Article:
Jack Sheppard

arranged from some rare and original documents, in connection with the remarkable history of the above notorious individual, only recently discovered

Jack Sheppard

arranged from some rare and original documents, in connection with the remarkable history of the above notorious individual, only recently discovered

The History of the Remarkable Life of John Sheppard

Giving an Exact Description of the manner of his wonderful Escape from the Castle in Newgate, and of the Methods he took afterward for his Security.

The History of the Remarkable Life of John Sheppard

Giving an Exact Description of the manner of his wonderful Escape from the Castle in Newgate, and of the Methods he took afterward for his Security. Written by himself during his Confinement in the Middle Stone-Room, after his being retaken in Drury Lane. To which is added, A true Representation of his Escape from the Condemn'd Hold, curiously engraven on a Copper Plate. The whole Publish'd at the particular Request of the Prisoner. Jack Sheppard (4 March 1702 - 16 November 1724) was a notorious English thief and gaol-breaker of early 18th-century London. Born into a poor family, he was apprenticed as a carpenter but took to theft and burglary in 1723, with little more than a year of his training to complete. He was arrested and imprisoned five times in 1724 but escaped four times from prison, making him a notorious public figure, and wildly popular with the poorer classes.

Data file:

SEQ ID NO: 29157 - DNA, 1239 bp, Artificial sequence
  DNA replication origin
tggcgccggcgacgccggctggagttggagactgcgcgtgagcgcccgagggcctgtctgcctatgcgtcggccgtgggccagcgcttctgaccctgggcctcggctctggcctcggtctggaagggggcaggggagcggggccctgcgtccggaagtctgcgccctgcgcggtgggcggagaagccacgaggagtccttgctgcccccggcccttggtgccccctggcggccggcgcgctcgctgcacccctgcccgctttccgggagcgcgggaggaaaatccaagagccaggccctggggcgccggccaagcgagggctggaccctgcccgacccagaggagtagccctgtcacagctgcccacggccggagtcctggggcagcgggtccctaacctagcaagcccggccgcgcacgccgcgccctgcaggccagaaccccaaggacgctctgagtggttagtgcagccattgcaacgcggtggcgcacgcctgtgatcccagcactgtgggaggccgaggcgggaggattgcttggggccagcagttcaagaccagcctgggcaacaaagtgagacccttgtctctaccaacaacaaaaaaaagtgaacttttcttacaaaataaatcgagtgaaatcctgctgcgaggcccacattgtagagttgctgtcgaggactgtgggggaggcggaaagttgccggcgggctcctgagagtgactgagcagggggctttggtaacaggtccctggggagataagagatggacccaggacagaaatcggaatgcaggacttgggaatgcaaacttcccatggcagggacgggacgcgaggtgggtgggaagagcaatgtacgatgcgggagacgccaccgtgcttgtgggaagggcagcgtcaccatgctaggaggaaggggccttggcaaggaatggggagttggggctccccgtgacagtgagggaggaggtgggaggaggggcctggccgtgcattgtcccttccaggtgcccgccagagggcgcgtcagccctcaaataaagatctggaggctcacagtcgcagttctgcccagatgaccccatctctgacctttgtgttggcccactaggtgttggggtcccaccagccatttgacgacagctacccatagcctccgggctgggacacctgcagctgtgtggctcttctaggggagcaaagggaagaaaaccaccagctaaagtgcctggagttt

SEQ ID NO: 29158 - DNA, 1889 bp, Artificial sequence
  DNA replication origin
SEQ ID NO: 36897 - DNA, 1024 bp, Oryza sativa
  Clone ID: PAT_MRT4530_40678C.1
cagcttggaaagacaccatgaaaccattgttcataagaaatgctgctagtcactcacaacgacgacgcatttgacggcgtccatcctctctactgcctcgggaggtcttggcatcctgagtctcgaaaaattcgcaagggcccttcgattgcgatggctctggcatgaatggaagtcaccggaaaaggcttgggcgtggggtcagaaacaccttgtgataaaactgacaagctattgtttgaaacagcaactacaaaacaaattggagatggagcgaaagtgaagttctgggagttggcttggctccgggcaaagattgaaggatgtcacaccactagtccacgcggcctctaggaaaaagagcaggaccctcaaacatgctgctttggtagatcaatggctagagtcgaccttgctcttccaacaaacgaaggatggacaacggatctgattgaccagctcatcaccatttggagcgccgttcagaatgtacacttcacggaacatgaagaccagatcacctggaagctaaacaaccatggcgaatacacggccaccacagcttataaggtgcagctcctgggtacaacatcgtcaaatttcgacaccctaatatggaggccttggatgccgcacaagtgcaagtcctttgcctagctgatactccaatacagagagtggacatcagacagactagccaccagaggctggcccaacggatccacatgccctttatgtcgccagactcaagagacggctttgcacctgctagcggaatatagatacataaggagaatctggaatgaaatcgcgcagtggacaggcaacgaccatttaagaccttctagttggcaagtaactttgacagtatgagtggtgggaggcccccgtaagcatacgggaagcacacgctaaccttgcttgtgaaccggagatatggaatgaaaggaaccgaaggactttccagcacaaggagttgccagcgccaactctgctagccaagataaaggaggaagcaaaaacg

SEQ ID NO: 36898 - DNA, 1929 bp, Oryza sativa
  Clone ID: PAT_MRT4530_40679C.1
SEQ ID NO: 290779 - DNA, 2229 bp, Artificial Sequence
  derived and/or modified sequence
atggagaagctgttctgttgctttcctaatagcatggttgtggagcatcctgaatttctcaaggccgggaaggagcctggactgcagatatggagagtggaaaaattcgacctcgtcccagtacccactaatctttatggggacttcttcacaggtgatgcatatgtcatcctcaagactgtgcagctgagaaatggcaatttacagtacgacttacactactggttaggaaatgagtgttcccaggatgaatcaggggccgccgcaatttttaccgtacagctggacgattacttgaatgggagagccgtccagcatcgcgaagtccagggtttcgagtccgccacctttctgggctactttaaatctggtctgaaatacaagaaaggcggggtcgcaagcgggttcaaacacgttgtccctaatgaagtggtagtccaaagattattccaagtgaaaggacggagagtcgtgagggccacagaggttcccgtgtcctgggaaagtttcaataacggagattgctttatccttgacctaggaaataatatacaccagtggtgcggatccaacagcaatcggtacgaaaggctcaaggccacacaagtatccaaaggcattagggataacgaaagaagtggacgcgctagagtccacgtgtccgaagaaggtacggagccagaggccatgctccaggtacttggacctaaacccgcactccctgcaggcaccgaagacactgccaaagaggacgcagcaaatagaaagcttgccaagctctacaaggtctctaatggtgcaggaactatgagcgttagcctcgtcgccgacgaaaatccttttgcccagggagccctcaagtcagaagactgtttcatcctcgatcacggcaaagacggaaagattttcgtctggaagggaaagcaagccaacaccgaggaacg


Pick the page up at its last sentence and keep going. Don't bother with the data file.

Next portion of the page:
The History of the Remarkable Life of John Sheppard

This work has been selected by scholars as being culturally important and is part of the knowledge base of civilization as we know it. This work is in the public domain in the United States of America, and possibly other nations.

The History of the Remarkable Life of John Sheppard

This work has been selected by scholars as being culturally important and is part of the knowledge base of civilization as we know it. This work is in the public domain in the United States of America, and possibly other nations. Within the United States, you may freely copy and distribute this work, as no entity (individual or corporate) has a copyright on the body of the work. Scholars believe, and we concur, that this work is important enough to be preserved, reproduced, and made generally available to the public. To ensure a quality reading experience, this work has been proofread and republished using a format that seamlessly blends the original graphical elements with text in an easy-to-read typeface. We appreciate your support of the preservation process, and thank you for being an important part of keeping this knowledge alive and relevant.

Jack Sheppard

Jack Sheppard was tried for burglary at the Old Bailey, London, August 13, 1724.

Jack Sheppard

Jack Sheppard was tried for burglary at the Old Bailey, London, August 13, 1724.